"Jim Curran teaches at East High's alternate school. A few years ago he was starting a new semester. He noticed two very large native guys sitting in the back trying to look cool and uninterested. He began to go through the class list calling roll for the first time. When he got to two males named Makar, and one answered, "Here," he asked him, "Say, are you related to Sydney?" They both dropped their carefully cultivated cool, blinked, and asked, "Do you know Uncle Sydney?" "Oh, yeah. We went to high school together." After digesting this one, one of them asked, "So, when you knew him, was he as scary as he is now?"

"Jim Curran - Now Mr. Nancy and the father of Erin, their daughter.

"Chris Cushman - Still makes women sigh. Looks like he is thirty (dammit). Generally clueless about his affect on women. Has a business at http://www.geocities.com/penguinarms/

"Charles Hart, Jr. - A mailing address can be found at Classmates.com (Dimond 1975 - We should all take advantage of this site). I haven't seen him since 1982. I think about him a lot, and really remember him with a lot of respect.

"Sydney Makar - I last saw him in about 1987 (not long before the last time I saw you) with his third wife. She was good for him.

"This is the year I get back in touch with the people I have let drift away. I'm in Seattle. I'll fill you in on the rest when I hear from you. I think I can add a lot of details to the 1975-1979 years." -- John

John has a blog at: Archy, in case you want to catch up with him. He's pretty active over there.

Chuck (Charles) Hart, Jr. -- he was another person who couldn't sit still. I don't think he was as focused as John, but he was always interesting. He had one of the first Honda CVCC cars that were available in Anchorage, and loved it. He was always telling us about how it never ran out of gas. Of course, one night on a weird little escapade (we were doing car chases in Anchorage ... not races, we were chasing each other, long story -- see below) and with four people in the car, WHILE he was expounding about how it never ran out of gas, it did. Good thing it was small and we could push it easily, because the nearest gas station was a ways off. Anyway, Chuck eventually went to Cordon Bleue (yes, the Chef school) in England. He was a damn fine cook. He was around a lot for a few years here. More later ... Chuck had a big sense of humor, but he sometimes didn't know when a joke was "Funny once" (Robert A. Heinlein in The Moon is a Harsh Mistress). Example -- I once (bragging) told him that I had a really good sense of balance (which is still true), and it was hard to trip me. So for a couple of weeks he kept trying to trip me. Once would have been ok. After that it got irritating, and eventually I warned him if he tried it again I'd kick him in the shin so hard he'd have a hard time walking. He tried again. I kicked him. That was the end of that bit. Despite that, we got along pretty well. He was always helpful, ready to give you the shirt off his back if you needed it.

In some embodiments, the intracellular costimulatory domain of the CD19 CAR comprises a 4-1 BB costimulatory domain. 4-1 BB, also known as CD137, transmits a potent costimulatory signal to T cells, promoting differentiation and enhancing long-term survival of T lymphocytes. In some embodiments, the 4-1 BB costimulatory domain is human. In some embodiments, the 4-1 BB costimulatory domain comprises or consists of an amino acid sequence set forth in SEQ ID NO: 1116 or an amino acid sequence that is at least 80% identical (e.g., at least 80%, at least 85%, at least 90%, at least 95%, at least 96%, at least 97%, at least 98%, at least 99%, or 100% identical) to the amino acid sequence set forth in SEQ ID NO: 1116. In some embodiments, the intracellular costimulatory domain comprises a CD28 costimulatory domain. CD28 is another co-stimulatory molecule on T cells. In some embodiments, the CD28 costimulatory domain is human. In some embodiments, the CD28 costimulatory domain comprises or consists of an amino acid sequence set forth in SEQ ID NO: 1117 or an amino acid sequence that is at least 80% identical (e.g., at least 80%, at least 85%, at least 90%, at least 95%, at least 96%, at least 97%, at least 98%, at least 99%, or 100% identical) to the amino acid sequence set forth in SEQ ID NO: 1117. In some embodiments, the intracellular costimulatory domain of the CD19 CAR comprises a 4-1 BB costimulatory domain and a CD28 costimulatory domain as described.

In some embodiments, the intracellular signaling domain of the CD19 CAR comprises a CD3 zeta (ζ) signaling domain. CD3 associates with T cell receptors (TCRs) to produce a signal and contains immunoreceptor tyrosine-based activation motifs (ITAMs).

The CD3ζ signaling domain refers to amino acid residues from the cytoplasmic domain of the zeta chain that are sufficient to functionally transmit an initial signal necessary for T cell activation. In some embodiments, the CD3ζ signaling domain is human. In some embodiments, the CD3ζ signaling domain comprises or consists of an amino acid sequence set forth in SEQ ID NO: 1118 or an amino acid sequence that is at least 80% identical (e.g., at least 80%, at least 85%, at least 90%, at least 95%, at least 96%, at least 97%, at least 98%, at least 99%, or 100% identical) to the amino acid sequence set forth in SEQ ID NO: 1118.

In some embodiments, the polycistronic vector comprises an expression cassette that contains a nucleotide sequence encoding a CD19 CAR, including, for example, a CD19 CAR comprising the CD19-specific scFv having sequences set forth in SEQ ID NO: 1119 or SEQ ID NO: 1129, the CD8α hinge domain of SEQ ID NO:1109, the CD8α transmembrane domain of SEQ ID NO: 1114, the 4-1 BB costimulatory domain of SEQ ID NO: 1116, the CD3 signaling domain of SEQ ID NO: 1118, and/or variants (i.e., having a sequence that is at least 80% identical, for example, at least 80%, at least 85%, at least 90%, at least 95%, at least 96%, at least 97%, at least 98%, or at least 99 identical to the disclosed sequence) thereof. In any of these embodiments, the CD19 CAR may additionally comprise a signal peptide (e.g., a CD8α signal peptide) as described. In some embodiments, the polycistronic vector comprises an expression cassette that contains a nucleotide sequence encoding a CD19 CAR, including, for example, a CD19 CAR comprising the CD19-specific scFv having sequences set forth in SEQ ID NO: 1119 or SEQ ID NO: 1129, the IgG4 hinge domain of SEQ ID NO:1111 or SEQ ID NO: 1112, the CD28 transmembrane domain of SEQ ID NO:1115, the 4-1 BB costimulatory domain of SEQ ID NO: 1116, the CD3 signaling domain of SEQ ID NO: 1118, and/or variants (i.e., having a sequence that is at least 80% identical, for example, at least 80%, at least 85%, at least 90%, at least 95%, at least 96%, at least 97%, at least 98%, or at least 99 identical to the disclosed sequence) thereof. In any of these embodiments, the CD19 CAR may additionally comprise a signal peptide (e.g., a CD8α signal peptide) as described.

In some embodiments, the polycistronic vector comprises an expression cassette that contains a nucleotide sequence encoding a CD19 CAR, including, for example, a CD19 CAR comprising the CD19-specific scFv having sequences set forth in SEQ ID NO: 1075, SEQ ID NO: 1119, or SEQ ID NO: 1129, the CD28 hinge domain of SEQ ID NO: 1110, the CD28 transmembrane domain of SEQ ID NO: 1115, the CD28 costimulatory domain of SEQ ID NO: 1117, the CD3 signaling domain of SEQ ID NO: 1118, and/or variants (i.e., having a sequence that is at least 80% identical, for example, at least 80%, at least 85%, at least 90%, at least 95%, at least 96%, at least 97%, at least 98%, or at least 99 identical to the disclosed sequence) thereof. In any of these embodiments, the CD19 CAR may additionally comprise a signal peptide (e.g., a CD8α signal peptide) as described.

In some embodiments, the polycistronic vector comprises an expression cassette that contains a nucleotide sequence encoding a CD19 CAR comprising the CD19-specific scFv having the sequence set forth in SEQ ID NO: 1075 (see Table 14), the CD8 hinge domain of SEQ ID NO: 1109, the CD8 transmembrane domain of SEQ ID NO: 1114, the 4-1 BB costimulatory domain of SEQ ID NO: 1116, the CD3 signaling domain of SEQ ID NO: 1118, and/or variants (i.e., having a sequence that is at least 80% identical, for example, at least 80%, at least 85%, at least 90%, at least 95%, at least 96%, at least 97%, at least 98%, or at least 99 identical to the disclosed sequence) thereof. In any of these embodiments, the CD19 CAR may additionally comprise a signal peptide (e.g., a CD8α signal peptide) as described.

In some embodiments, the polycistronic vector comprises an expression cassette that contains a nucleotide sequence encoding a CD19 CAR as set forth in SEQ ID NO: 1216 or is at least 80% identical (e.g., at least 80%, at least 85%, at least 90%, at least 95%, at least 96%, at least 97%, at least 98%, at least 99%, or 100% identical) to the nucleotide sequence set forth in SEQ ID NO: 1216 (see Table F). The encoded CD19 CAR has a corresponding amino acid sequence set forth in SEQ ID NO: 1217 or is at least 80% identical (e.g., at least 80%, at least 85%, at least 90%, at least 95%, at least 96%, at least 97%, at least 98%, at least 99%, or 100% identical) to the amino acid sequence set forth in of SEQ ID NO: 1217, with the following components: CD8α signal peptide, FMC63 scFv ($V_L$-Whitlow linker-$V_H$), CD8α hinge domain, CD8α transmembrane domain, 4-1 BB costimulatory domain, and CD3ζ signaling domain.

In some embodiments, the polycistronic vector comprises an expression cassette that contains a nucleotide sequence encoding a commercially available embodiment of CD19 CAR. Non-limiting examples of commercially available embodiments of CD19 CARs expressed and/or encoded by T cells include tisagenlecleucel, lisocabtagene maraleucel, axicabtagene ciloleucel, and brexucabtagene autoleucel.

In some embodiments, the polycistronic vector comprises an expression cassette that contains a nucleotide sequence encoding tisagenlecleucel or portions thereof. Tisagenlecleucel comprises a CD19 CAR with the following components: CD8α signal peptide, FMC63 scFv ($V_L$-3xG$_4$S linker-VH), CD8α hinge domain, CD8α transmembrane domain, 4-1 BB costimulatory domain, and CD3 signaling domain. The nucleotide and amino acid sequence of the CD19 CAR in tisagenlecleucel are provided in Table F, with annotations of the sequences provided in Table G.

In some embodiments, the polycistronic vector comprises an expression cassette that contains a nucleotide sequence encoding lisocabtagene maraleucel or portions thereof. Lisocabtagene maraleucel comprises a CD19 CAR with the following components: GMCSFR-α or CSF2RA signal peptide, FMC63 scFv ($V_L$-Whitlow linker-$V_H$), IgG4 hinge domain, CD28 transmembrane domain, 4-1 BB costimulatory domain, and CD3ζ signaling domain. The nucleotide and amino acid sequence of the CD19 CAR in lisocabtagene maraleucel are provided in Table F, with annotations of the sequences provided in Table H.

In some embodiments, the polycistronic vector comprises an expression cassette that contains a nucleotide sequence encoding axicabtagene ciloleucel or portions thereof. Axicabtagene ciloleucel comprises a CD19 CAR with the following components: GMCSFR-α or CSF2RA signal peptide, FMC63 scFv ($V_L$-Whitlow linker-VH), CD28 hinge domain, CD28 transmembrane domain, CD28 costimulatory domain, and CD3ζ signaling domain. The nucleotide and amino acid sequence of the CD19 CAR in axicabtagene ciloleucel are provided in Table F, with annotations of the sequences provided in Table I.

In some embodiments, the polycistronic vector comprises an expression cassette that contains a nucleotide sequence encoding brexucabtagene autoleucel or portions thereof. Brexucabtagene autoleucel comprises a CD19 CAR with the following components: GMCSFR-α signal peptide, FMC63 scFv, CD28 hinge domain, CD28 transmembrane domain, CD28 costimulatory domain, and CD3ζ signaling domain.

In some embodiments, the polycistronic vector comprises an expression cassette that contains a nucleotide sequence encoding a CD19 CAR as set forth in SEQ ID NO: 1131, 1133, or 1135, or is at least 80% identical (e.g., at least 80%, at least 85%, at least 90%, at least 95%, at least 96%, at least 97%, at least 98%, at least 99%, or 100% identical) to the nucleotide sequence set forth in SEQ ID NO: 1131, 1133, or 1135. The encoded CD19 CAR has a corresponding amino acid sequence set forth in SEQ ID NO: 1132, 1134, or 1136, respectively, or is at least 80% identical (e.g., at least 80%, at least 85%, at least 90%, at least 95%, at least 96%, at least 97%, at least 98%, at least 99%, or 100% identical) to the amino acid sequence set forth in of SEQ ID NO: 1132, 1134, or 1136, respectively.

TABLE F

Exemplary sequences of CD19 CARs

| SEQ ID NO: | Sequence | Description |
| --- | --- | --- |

(March 7, 2003) - Long Story - car chase - shortened a bit, but the gist of it: